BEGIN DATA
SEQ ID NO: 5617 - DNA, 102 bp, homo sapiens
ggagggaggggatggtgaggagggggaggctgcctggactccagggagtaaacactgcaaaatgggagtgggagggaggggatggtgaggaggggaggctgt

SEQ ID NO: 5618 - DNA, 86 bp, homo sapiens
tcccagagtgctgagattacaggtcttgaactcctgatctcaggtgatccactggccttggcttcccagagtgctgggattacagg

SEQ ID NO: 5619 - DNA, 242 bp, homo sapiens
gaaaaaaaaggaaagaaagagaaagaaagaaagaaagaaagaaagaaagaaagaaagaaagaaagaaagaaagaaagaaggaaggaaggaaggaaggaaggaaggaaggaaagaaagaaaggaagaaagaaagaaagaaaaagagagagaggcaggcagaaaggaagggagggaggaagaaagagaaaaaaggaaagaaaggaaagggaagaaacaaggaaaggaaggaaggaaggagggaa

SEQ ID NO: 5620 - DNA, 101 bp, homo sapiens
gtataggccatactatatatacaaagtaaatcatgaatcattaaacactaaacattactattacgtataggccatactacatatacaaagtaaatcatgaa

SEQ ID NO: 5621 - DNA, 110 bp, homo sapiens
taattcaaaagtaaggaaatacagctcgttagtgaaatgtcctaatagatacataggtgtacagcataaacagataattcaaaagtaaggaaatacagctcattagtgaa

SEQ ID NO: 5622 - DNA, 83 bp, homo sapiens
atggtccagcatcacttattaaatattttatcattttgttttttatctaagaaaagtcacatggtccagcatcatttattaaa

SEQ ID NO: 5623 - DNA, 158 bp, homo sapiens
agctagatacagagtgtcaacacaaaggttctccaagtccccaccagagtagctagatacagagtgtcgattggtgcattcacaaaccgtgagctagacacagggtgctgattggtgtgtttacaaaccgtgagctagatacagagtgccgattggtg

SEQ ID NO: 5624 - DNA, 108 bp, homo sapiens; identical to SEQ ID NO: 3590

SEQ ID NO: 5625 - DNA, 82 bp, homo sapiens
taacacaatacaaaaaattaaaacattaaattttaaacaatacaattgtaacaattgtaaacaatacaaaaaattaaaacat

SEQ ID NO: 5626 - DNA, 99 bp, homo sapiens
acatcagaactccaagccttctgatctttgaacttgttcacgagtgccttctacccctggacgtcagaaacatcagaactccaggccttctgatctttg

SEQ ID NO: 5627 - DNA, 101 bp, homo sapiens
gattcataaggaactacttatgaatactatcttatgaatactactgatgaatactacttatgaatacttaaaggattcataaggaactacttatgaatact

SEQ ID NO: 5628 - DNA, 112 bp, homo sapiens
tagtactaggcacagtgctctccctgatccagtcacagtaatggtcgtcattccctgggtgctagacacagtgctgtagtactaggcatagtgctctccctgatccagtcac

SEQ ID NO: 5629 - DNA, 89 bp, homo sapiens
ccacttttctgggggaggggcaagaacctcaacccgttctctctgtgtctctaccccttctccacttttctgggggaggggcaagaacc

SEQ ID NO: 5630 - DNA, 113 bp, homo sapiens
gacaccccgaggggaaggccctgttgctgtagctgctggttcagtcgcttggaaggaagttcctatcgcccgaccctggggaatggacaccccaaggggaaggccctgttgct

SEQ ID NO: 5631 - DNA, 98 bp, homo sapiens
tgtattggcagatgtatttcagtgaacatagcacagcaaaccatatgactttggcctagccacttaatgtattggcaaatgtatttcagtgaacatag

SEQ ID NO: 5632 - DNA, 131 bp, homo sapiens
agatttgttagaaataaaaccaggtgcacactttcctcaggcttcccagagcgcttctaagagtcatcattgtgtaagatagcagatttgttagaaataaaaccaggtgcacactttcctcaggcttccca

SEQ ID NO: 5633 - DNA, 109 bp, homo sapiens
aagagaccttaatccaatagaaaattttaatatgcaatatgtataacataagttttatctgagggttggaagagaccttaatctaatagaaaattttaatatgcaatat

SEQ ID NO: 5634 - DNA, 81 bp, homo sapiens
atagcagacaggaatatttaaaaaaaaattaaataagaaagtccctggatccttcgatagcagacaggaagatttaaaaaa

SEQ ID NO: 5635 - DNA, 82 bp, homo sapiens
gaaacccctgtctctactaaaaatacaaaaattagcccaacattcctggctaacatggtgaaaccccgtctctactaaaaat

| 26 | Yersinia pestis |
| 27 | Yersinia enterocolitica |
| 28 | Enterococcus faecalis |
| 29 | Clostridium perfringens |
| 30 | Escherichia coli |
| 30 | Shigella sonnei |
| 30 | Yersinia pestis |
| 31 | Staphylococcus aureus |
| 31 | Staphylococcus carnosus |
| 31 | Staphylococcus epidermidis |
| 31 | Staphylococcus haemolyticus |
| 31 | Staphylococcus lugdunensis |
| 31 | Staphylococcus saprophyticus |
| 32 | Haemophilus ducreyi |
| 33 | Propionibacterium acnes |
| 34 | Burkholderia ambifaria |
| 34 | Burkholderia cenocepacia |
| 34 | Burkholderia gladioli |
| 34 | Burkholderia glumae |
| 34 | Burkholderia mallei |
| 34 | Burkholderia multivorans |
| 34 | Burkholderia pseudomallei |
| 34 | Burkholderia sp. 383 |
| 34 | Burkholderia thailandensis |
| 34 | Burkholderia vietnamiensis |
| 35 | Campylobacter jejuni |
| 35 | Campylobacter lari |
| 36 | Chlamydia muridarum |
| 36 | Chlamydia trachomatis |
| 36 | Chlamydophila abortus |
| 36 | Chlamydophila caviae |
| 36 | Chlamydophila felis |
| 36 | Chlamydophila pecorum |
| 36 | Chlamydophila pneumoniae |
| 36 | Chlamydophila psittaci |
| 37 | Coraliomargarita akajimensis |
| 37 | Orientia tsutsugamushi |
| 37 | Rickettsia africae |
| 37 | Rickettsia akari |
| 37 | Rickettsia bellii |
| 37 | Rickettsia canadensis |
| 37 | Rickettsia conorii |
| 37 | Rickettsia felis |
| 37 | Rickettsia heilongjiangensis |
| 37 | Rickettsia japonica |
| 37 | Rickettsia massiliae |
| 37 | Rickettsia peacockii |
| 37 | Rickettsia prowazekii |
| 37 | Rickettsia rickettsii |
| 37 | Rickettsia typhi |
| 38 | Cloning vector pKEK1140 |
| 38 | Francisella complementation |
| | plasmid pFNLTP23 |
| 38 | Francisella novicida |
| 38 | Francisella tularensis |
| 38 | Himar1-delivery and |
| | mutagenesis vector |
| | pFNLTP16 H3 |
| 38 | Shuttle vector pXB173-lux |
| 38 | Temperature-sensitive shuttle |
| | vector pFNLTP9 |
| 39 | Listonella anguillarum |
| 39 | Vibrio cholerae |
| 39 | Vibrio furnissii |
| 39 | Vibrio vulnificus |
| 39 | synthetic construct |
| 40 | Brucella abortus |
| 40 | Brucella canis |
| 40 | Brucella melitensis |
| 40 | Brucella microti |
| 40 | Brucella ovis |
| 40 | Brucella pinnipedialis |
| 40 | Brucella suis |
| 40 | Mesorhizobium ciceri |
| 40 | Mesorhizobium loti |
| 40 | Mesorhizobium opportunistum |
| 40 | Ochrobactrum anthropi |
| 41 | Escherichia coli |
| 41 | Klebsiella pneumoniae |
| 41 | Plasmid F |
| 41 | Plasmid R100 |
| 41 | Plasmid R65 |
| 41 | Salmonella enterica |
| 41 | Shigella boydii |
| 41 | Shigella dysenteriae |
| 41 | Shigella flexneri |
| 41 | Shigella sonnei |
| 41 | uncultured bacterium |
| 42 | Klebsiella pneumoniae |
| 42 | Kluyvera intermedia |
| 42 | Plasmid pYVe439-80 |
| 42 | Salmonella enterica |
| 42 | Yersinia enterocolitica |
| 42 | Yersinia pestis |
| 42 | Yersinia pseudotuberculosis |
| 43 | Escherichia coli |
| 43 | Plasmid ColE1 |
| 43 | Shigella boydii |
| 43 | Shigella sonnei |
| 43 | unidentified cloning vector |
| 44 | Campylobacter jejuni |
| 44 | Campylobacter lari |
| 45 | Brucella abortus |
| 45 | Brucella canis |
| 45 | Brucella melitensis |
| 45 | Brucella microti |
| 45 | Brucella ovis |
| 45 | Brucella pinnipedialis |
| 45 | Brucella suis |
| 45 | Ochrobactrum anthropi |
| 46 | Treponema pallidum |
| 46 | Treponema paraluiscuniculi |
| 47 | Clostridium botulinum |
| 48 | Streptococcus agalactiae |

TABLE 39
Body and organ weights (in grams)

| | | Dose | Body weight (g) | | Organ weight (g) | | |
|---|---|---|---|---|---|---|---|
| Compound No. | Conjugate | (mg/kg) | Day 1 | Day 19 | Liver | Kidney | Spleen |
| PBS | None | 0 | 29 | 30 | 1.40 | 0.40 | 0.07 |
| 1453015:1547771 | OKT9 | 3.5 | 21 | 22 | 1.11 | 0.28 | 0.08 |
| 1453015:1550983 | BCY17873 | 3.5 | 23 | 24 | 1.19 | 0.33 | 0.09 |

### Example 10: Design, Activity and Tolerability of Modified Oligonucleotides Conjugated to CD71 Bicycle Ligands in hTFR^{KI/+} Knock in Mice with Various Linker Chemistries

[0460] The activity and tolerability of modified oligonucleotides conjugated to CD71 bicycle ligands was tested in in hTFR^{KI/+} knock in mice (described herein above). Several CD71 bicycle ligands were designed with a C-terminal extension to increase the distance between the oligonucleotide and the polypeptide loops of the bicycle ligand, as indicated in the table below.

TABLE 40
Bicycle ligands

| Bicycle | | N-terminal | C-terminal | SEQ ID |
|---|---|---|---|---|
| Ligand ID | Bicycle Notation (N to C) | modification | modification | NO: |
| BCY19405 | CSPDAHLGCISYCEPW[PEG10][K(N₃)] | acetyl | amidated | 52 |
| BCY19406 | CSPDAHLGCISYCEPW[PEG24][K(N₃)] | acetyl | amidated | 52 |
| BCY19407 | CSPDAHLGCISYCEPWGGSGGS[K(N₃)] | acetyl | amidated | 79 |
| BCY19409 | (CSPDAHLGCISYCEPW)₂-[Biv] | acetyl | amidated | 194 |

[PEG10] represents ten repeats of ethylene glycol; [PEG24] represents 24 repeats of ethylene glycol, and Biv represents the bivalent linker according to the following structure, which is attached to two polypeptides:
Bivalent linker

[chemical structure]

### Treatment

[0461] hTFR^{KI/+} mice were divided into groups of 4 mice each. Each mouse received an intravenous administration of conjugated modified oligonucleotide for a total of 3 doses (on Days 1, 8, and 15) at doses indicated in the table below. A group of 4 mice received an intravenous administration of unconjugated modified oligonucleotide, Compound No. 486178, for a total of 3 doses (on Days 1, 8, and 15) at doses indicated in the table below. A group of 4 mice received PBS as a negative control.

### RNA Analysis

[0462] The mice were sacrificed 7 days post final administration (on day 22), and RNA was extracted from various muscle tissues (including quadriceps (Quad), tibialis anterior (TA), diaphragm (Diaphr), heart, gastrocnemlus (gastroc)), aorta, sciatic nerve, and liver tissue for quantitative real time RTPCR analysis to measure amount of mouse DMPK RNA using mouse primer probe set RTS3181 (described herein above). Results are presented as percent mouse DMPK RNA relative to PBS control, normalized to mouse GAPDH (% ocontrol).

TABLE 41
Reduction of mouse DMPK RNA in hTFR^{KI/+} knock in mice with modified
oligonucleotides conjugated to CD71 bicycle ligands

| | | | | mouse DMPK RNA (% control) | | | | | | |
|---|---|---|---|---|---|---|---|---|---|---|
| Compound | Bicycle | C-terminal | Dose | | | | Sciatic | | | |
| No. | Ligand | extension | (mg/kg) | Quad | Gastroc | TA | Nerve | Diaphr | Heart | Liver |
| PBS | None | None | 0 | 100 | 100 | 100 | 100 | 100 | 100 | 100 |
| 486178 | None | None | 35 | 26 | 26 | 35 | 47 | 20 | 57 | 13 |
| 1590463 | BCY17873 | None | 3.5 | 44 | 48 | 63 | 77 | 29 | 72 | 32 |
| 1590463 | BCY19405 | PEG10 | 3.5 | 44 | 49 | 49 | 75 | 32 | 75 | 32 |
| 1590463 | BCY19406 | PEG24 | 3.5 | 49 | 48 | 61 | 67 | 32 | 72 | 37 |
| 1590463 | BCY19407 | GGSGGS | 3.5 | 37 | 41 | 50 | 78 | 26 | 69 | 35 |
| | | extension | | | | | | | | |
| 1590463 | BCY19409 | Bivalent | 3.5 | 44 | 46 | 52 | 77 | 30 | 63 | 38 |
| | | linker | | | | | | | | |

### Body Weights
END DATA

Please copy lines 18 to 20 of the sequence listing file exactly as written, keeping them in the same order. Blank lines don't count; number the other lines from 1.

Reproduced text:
SEQ ID NO: 5626 - DNA, 99 bp, homo sapiens
acatcagaactccaagccttctgatctttgaacttgttcacgagtgccttctacccctggacgtcagaaacatcagaactccaggccttctgatctttg

SEQ ID NO: 5627 - DNA, 101 bp, homo sapiens